whoever ignores this, lives a life of falsehood.
They that realize this fact most deeply are the most pleasing to God,
the supreme Truth, for they walk in the truth.”

St. Teresa of Avila, p. 175-6
An Excerpt From
Interior Castle

testing point of the saint

Every martyr knows how to save his/her life and yet refuses to do so.
A public repudiation of the faith would save any of them.
But some things are more precious than life itself.
These martyrs prove that their 20th-century countryman,
C. S. Lewis, was correct in saying that courage is not simply one of the virtues
but the form of every virtue at the testing point, that is, at the point of highest reality.

(as seen on the CSSF site / Felician Sisters)


(Virgin entroned with angels and saints / Duccio di Buoninsegna 1285)

This past week has seen me so incensed over the absurdities that are taking place
all over this country…
Absurdities being shared as “news” stories, taken from across the land…
yet stories with one central missing theme…that being the key theme of common sense.

So incensed that I had a few volumes of the assinine posted in order to shed some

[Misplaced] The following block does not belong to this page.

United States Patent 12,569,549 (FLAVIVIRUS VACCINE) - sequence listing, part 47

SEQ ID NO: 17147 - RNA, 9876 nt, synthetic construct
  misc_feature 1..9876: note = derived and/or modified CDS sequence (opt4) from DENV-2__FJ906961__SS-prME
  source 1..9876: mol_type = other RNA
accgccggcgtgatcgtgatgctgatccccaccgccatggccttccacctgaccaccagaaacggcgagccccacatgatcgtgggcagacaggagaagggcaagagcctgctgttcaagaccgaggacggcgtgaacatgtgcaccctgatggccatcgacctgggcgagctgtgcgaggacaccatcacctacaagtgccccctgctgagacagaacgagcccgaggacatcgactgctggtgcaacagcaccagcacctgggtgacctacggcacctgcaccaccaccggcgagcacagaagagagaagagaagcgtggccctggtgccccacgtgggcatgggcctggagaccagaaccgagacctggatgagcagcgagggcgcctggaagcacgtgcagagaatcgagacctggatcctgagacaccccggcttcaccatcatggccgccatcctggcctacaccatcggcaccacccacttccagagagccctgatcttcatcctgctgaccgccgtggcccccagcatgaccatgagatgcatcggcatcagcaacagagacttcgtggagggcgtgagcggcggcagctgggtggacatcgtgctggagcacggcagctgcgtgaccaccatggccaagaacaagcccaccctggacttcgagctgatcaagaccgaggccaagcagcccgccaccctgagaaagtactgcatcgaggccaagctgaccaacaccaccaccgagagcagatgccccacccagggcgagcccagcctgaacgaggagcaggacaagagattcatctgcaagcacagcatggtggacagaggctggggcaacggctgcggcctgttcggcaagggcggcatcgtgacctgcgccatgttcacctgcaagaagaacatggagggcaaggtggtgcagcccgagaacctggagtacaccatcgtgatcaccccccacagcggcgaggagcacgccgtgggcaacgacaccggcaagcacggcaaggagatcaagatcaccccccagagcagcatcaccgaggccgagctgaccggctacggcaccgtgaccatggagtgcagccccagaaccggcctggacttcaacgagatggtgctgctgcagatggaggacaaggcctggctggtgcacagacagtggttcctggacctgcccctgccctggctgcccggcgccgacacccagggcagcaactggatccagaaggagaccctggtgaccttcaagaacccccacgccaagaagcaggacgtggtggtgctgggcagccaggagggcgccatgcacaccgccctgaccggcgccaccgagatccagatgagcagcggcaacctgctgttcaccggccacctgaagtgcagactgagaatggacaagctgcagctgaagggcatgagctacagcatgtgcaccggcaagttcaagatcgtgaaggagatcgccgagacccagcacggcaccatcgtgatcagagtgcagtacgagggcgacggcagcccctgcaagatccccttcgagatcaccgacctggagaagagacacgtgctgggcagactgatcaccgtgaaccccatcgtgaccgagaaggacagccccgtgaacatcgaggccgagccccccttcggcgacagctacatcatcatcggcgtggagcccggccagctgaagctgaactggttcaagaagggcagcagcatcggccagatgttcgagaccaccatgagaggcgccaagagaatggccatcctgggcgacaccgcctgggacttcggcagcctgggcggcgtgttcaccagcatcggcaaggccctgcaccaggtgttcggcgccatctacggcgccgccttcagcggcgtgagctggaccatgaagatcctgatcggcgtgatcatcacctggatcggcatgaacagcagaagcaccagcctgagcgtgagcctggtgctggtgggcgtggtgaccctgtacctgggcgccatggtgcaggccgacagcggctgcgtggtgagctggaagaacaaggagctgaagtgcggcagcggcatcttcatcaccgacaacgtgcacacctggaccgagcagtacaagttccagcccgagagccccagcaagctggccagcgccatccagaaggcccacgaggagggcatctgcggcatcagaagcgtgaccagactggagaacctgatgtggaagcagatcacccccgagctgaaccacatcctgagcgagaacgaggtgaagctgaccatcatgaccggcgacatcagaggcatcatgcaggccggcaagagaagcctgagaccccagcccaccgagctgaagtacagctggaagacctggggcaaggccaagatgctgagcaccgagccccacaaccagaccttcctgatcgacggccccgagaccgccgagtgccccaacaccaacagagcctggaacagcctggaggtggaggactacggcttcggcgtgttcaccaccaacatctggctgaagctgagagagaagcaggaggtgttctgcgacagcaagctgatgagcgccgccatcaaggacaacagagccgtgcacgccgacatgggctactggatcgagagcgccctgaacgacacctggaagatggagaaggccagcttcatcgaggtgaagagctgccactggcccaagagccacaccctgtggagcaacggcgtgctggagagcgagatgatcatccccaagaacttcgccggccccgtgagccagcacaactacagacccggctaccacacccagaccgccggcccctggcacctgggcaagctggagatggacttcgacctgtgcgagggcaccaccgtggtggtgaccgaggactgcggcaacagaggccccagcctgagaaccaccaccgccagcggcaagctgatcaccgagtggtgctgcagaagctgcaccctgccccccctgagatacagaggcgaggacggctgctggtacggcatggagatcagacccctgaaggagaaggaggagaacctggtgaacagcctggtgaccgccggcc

light on our glaring lack of common sense.

And I should note that the absurdities just keep coming as I now must confess that
I am actually finding myself feeling a bit sorry for the current Speaker of the House
as she toils to keep her Fab 4 newbies in line as they continue having
temper tantrum after tantrum.

They may be known best as formidable twitter warriors, but they fall woefully short in
the area of common sense.
Theatrics yes, common sense no.

Throw in a serious lack of humility and we have a wealth of trouble on our hands.

But I digress and must move on because their finger waging tantrums simply leave me
tired from all the eye-rolling and head-shaking I’ve caught myself doing as of late.

So today we won’t focus on the wealth of lack of common sense that is now engulfing our
land but rather we will look at something much more nobler than any one of
our legislators or governing officials seem to demonstrate,
acknowledge let alone possess.

So yesterday I was reading a post regarding the Saints of the Day from one of the
Felician Sisters blog sites.

The saints were actually two Englishmen…
John Jones and John Walls.

These two friars were martyred in England in the 16th and 17th centuries
for refusing to deny their faith.

John Jones was Welsh. He was ordained a diocesan priest and was twice imprisoned
for administering the sacraments before leaving England in 1590. He joined the Franciscans
at the age of 60 and returned to England three years later while Queen Elizabeth I
was at the height of her power. John ministered to Catholics in the English countryside
until his imprisonment in 1596. He was condemned to be hanged, drawn, and quartered.
John was executed on July 12, 1598.

John Wall was born in England but was educated at the English College of
Douai, Belgium. Ordained in Rome in 1648, he entered the Franciscans in Douai several years later.
In 1656 he returned to work secretly in England.